A Dallas Cop Who Shot Himself in the Leg Says His Bosses Keep Calling Him "Gimp"
It was in March 2011 that the insults began. Sgt. Demetrick Pennie, a 13-year veteran of the Dallas Police Department with a debilitating leg injury, says that's when his supervisors in the communications department began taunting him with names like "Gimp" and "peg leg" and the "one-legged general," which, when you think about it, are some really lazy and uncreative taunts.
Note to self: DO NOT TWIRL.
Worse, Pennie says, he was abruptly transferred to the jail, an assignment widely considered by officers to be a punishment. At the jail, he was forced to walk up and down stairs, was denied a nearby parking spot and generally received unfavorable treatment because of his disability. Pennie's repeated requests for the department to make reasonable accommodations for his injury were denied, and his superiors retaliated by launching an investigation that resulted in confidential medical information being leaked to his colleagues.
That's all according to a lawsuit Pennie filed against the city in November. In its response, the city denied his allegation, saying Pennie's bosses "acted in good faith within the scope of their official duties." Besides, the city argues, it's immune from lawsuit under rules that protect cities from claims of workers compensation retaliation.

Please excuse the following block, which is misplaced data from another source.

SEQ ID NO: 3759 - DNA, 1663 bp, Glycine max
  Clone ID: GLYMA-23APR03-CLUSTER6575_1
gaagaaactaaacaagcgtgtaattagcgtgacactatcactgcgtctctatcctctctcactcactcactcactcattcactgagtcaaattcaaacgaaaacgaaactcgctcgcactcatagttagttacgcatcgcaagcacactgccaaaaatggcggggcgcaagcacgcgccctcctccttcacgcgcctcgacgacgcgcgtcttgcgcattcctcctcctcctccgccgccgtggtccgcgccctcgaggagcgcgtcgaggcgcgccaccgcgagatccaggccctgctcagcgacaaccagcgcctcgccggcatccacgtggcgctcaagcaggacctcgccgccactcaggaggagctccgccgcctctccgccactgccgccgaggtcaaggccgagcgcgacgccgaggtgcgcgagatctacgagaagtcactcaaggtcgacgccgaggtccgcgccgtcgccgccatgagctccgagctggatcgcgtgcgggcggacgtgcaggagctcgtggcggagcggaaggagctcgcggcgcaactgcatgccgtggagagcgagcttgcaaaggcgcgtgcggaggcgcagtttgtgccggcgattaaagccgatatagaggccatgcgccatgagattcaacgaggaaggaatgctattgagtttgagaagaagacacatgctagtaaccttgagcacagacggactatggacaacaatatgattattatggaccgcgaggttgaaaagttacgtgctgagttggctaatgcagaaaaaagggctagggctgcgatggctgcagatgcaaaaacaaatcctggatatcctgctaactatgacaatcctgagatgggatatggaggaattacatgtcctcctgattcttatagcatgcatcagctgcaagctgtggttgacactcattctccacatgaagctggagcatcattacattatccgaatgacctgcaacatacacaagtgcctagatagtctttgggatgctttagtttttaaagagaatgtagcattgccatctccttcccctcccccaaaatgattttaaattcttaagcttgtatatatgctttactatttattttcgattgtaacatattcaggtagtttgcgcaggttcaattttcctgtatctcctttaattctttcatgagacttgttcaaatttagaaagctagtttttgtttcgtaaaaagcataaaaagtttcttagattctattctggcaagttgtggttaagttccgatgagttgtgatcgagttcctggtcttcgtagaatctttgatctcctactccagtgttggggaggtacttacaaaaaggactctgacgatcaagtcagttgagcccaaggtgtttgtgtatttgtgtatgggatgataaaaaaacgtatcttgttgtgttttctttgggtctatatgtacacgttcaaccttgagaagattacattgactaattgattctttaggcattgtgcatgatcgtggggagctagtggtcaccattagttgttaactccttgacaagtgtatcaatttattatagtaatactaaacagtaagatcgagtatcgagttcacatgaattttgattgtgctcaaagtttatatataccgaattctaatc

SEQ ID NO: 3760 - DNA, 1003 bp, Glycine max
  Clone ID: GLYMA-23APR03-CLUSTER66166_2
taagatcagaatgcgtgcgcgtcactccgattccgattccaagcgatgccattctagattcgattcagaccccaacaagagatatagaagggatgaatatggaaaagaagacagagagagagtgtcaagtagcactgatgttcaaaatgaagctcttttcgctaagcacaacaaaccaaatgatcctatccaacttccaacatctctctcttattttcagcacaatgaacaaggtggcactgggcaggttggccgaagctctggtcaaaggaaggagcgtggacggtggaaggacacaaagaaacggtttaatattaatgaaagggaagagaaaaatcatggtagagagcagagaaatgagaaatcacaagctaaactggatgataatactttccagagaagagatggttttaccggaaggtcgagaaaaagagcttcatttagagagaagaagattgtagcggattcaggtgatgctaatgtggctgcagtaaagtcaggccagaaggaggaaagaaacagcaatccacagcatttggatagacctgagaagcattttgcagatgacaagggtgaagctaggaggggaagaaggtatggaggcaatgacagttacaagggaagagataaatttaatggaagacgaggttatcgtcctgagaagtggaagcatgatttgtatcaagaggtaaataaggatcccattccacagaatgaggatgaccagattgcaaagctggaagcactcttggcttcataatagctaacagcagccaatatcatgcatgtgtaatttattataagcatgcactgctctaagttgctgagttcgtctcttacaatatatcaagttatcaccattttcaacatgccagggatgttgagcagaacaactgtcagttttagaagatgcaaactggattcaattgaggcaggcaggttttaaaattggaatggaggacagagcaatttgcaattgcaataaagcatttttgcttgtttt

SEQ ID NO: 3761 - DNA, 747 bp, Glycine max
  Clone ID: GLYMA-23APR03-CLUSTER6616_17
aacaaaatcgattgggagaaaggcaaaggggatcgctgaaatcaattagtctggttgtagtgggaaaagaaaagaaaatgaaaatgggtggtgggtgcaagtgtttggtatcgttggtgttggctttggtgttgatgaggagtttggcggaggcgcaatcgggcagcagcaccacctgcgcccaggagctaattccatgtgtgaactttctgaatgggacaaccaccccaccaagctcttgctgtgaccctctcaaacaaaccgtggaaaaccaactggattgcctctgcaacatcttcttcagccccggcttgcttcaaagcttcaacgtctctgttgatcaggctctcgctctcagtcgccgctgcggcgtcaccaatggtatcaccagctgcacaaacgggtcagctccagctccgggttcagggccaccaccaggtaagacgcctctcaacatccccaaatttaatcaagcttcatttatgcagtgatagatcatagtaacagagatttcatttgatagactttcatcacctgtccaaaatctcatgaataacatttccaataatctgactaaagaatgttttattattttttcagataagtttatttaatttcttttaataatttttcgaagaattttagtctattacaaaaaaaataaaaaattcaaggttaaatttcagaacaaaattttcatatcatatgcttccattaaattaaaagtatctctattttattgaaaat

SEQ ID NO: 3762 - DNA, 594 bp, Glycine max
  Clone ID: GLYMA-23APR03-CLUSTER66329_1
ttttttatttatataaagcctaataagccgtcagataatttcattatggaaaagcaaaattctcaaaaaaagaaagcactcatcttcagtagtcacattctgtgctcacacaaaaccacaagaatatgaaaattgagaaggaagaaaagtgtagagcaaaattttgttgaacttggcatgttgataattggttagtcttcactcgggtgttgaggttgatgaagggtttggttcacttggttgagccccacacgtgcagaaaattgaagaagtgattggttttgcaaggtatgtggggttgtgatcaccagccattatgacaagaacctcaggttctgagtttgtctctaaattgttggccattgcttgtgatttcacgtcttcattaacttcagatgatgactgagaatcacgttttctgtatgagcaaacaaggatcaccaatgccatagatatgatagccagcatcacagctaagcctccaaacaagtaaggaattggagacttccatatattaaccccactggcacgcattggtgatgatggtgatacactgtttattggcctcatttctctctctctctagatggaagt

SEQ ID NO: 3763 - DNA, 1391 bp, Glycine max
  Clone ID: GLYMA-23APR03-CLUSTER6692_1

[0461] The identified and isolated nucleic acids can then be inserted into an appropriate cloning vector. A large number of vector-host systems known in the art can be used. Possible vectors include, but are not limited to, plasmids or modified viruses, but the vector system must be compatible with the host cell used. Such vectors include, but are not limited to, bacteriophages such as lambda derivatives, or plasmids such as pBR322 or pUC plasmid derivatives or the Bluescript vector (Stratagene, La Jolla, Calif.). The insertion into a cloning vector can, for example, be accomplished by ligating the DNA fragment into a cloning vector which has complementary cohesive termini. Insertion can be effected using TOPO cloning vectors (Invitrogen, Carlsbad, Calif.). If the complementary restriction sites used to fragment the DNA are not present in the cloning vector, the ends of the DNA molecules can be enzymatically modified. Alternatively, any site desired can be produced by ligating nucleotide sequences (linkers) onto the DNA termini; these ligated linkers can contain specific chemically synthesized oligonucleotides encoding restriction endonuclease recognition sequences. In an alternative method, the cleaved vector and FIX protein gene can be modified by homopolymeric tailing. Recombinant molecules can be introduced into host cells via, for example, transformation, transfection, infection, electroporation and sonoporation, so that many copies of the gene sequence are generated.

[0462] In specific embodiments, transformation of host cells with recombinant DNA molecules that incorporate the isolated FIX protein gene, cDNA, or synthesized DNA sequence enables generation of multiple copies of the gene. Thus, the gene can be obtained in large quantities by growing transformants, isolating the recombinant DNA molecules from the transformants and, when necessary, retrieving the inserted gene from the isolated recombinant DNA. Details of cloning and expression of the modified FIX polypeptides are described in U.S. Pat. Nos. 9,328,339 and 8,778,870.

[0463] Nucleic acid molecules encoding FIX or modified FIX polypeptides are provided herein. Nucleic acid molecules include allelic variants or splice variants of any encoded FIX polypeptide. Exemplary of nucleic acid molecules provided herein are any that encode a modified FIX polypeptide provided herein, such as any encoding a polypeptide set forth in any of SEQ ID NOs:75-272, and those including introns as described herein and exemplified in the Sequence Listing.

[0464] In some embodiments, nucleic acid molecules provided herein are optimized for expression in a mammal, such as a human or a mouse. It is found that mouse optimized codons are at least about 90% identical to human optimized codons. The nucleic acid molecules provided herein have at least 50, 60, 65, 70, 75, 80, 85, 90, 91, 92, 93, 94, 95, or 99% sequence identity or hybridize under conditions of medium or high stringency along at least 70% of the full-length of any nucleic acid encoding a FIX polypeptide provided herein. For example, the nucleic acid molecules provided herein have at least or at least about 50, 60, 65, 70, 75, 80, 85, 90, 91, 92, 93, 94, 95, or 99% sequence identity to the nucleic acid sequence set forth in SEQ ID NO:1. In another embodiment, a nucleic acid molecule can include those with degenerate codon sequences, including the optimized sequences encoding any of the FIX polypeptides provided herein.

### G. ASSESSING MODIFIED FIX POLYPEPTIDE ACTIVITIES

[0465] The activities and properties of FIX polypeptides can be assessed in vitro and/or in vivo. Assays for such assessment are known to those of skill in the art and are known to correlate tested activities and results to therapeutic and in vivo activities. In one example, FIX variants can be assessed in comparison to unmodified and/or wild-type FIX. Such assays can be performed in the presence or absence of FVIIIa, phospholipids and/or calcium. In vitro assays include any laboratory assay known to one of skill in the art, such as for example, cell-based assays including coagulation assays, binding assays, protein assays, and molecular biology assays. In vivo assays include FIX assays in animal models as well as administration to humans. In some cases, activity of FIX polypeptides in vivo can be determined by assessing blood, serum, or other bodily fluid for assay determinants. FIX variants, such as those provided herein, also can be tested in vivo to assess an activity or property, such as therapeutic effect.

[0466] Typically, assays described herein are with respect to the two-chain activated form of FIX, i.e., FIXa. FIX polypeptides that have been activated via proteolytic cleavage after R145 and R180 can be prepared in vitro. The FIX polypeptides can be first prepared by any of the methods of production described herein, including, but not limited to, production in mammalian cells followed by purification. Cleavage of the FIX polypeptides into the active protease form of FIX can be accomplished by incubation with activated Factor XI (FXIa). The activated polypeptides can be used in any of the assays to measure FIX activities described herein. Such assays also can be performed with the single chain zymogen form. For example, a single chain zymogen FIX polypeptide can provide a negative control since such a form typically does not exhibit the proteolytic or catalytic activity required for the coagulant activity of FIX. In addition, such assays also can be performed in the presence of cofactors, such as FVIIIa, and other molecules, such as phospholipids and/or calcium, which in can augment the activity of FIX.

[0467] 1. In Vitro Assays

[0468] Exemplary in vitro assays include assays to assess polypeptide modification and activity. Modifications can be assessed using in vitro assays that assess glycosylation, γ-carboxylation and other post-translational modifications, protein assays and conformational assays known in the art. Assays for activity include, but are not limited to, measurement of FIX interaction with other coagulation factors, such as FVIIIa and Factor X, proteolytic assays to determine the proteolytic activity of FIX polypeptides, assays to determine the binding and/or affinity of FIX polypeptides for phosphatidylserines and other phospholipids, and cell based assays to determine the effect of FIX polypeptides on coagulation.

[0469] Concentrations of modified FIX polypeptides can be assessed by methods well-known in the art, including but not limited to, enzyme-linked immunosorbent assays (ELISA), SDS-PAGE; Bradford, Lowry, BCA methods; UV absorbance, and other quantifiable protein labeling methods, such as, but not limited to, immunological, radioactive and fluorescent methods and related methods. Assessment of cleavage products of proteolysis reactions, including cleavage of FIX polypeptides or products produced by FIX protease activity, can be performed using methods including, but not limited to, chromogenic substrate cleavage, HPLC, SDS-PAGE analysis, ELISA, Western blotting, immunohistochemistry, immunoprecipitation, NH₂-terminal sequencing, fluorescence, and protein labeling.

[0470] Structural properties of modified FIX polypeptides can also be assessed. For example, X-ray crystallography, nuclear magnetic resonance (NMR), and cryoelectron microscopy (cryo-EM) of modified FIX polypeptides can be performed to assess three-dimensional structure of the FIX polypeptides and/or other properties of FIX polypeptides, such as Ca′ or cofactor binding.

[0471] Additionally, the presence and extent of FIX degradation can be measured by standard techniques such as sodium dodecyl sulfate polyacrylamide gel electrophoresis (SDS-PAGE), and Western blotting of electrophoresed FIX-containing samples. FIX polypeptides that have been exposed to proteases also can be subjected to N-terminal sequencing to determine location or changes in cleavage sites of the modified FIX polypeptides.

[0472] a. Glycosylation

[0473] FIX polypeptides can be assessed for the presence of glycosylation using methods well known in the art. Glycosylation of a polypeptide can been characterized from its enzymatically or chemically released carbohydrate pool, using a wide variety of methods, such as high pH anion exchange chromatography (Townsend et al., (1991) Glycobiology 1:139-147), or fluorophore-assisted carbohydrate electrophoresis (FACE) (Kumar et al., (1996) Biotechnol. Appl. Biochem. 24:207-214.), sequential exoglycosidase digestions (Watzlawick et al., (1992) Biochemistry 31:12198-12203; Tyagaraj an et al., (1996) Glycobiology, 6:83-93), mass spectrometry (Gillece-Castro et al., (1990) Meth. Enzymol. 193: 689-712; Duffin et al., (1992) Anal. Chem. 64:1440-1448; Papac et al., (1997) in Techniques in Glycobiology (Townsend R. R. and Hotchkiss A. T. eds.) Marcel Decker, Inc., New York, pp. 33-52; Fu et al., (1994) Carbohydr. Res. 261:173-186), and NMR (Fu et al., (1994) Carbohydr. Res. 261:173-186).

If you're wondering how Pennie lost use of his limb: According to news reports out of Houston, he was visiting family there in February 2003. One night he and a relative were sitting in a car parked on a residential street in northwest Houston. One report says they were "examining" the Colt .45; another says they were "twirling" it. Either way, the gun fired, striking Pennie in the leg. He was taken to Ben Taub hospital for treatment.
With Pennie in the car that night was a bottle of pills that Houston police later determined to be ecstasy, which three out of four drug enthusiasts agree goes terribly with gun-twirling. There don't seem to be any follow-up stories indicating that charges were filed, but Pennie's continued employment with DPD suggests that he was never convicted of anything.